COVID-19 Projections: Delayed Response to Rebound Would Cost Lives
New projections from Columbia University Mailman School of Public Health scientists find that delays in reimplementing social distancing following a relaxation of control measures could result in a stronger rebound of COVID-19 infections and deaths. In a retrospective counterfactual analysis, they find that if social distancing and other control measures had been in place in major U.S. metropolitan areas one to two weeks earlier, more than half of the infections and deaths seen to date could have been prevented.
Currently, daily confirmed cases are in decline after the easing of social distancing measures, due in large part to the impact of measures in place before May 4. This decreasing trend, coupled with the lag between infection and diagnosis, conveys a “false signal” that the pandemic is under control. However, due to the high remaining population susceptibility, a large resurgence of both cases and deaths will likely occur, peaking in early- and mid-June, even with the possible reimplementation of social distancing measures.
Results are published in the preprint server MedRxiv and are currently under peer-review for publication in an academic journal.
Hypothetical: How Quickly Will Authorities Respond to a Rebound?
The scientists compared two hypothetical scenarios in which social distancing measures are reimplemented two to three weeks after being relaxed nationally beginning May 4. The difference between the two- and three-week delays could be 214,545 additional confirmed cases and 23,110 deaths nationally by July 1. In the case of a two-week delay, they estimate a daily peak of 35,288 new cases and 3,392 new deaths by July 1; in the case of a three-week delay, they estimate a daily peak of 42,560 new cases and 4,166 new deaths by July 1.
Study results indicate that the rapid detection of increasing case numbers and fast re-implementation of control measures are needed to control a rebound of outbreaks of COVID-19. The models assume an ability to re-implement a 25 percent weekly reduction of transmission rates nationwide. Yet, due to fatigue in the general public towards social distancing and consequent reduction in compliance, researchers say this assumed reduction may be overly optimistic.
“Efforts raising public awareness of the ongoing high transmissibility and explosive growth potential of COVID-19 are still needed at this critical time,” says lead researcher Jeffrey Shaman, PhD, professor of environmental health sciences at the Columbia Mailman School of Public Health. “Our results also indicate that without sufficient broader testing and contact tracing capacity, the long lag between infection acquisition and case confirmation will mask the rebound and exponential growth of COVID-19 until it is well underway.”
Counterfactual: What If Social Distancing Measures Were Implemented Earlier?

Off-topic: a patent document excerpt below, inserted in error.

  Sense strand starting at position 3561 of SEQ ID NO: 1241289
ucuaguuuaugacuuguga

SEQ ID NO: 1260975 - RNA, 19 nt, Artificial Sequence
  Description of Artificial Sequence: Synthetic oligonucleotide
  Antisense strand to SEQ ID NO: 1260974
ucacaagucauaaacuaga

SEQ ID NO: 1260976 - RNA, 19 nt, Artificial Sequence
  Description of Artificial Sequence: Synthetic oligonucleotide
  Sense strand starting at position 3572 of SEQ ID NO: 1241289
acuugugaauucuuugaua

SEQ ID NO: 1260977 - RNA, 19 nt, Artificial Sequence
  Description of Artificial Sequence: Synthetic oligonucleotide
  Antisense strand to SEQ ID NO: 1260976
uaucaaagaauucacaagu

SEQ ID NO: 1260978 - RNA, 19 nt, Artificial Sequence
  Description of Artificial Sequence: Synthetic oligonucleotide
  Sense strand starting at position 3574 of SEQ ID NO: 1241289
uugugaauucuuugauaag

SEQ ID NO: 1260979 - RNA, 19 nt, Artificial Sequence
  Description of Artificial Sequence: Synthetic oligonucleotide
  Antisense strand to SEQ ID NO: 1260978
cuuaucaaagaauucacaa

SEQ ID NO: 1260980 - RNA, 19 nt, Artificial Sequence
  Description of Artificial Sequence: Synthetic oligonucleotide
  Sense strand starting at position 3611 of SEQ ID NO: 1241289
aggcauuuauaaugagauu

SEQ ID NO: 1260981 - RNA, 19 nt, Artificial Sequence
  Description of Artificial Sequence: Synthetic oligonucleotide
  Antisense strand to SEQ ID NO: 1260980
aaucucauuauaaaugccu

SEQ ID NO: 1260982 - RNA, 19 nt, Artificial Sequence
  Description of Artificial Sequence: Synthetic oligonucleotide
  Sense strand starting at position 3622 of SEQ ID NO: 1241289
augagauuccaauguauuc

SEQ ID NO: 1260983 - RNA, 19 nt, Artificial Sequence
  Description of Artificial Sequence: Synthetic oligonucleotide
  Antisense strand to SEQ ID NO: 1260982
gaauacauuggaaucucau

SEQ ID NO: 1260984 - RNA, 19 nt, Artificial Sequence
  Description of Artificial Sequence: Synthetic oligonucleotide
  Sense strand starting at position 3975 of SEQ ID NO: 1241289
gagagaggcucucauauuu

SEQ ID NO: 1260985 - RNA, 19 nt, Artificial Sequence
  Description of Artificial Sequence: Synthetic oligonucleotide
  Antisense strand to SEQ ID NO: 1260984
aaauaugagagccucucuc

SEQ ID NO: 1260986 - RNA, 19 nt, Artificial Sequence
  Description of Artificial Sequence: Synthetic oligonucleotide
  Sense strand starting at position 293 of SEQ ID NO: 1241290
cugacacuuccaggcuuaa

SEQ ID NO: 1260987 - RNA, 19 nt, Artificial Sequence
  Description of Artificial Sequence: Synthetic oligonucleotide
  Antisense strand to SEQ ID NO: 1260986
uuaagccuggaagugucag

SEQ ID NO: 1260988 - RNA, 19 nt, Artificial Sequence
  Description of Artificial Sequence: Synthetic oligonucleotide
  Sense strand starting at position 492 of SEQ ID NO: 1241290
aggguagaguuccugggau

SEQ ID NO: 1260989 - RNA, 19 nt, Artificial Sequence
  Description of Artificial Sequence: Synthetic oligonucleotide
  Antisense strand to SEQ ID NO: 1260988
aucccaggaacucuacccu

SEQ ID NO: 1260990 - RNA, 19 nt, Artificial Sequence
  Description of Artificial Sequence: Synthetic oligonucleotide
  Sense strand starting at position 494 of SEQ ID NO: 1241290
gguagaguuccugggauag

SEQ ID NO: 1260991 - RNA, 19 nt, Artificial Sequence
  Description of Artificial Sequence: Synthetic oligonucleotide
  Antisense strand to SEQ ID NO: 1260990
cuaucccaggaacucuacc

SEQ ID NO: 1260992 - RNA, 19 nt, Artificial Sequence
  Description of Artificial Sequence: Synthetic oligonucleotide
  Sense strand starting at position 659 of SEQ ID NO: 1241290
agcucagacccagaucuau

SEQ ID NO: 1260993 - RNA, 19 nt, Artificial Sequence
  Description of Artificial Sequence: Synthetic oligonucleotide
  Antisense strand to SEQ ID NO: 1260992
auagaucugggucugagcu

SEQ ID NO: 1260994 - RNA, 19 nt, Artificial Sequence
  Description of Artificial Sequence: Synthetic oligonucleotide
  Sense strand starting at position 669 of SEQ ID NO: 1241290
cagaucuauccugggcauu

In a retrospective analysis, the researchers find that, nationwide, 703,975 confirmed cases (62%) and 35,927 deaths (55%) of reported deaths up to May 3 would have been avoided if observed control measures had been adopted one week earlier—on March 8 instead of March 15. In the New York metropolitan area, 209,987 (80%) of confirmed cases and 17,514 (80%) of deaths would have been avoided if the same sequence of interventions had been applied one week earlier. Had the sequence of control measures occurred two weeks earlier, the nation would have seen a reduction of 960,937 (84%) cases and 53,990 (83%) deaths, and a reduction of 246,082 cases (94%) and 20,427 deaths (94%) in the New York metropolitan area.
The researchers note that their counterfactual experiments are based on idealized hypothetical assumptions. In practice, initiating and implementing interventions earlier during an outbreak is complicated by factors such as general uncertainty, economic concerns, logistics and the administrative decision process. Public compliance with social distancing rules may also lag due to sub-optimal awareness of infection risk.
About the Model and Its Uncertainties
The researchers used computer models to simulate the spread of COVID-19 cases by estimating transmission rates and other key parameters using population movement, observed cases, and deaths. There are a number of uncertainties, including the fact that their model may not account for changes in social distancing and contact patterns over the last two weeks. The impact of increased activity on contact patterns, the transmission of SARS-CoV-2 and COVID-19 incidence remains highly uncertain, as levels of compliance with social distancing, return to work, and consumer willingness to frequent businesses are unknown.
The current study focuses on the transmission dynamics in metropolitan areas with dense populations and abundant observations—New York, New Orleans, Los Angeles, Chicago, Boston, and Miami, among others—while also accounting for the spread of COVID-19 in less populated areas.
Co-Authors, Funding, Disclosures
Additional co-authors of the paper include Sen Pei and Sasikiran Kandula, both research scientists at Columbia Mailman School of Public Health. Shaman and Columbia University are partial owners of SK Analytics, an infectious disease forecasting company. Shaman also discloses consulting for Business Network International. This study was supported by funding from the National Institutes of Health (GM110748) and the National Science Foundation (DMS-2027369), as well as a gift from the Morris-Singer Foundation. The funders had no role in the design, data collection and analysis, decision to publish, or preparation of the manuscript.